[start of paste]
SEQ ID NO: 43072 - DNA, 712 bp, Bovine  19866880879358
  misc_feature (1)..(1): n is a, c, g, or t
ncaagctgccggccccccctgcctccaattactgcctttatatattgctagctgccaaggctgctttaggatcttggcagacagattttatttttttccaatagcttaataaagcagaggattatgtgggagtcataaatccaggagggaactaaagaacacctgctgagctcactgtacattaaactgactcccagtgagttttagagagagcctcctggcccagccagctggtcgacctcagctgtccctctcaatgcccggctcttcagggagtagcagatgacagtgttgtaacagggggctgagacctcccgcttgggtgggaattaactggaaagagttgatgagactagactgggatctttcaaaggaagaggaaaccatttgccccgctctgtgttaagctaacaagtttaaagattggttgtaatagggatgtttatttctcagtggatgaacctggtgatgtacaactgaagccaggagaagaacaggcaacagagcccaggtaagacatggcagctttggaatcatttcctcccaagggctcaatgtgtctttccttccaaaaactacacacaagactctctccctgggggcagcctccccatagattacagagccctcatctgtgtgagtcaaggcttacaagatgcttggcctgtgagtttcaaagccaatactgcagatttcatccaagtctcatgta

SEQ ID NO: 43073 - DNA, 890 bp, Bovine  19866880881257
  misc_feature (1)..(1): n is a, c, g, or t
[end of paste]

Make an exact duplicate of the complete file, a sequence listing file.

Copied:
SEQ ID NO: 43072 - DNA, 712 bp, Bovine  19866880879358
  misc_feature (1)..(1): n is a, c, g, or t
ncaagctgccggccccccctgcctccaattactgcctttatatattgctagctgccaaggctgctttaggatcttggcagacagattttatttttttccaatagcttaataaagcagaggattatgtgggagtcataaatccaggagggaactaaagaacacctgctgagctcactgtacattaaactgactcccagtgagttttagagagagcctcctggcccagccagctggtcgacctcagctgtccctctcaatgcccggctcttcagggagtagcagatgacagtgttgtaacagggggctgagacctcccgcttgggtgggaattaactggaaagagttgatgagactagactgggatctttcaaaggaagaggaaaccatttgccccgctctgtgttaagctaacaagtttaaagattggttgtaatagggatgtttatttctcagtggatgaacctggtgatgtacaactgaagccaggagaagaacaggcaacagagcccaggtaagacatggcagctttggaatcatttcctcccaagggctcaatgtgtctttccttccaaaaactacacacaagactctctccctgggggcagcctccccatagattacagagccctcatctgtgtgagtcaaggcttacaagatgcttggcctgtgagtttcaaagccaatactgcagatttcatccaagtctcatgta

SEQ ID NO: 43073 - DNA, 890 bp, Bovine  19866880881257
  misc_feature (1)..(1): n is a, c, g, or t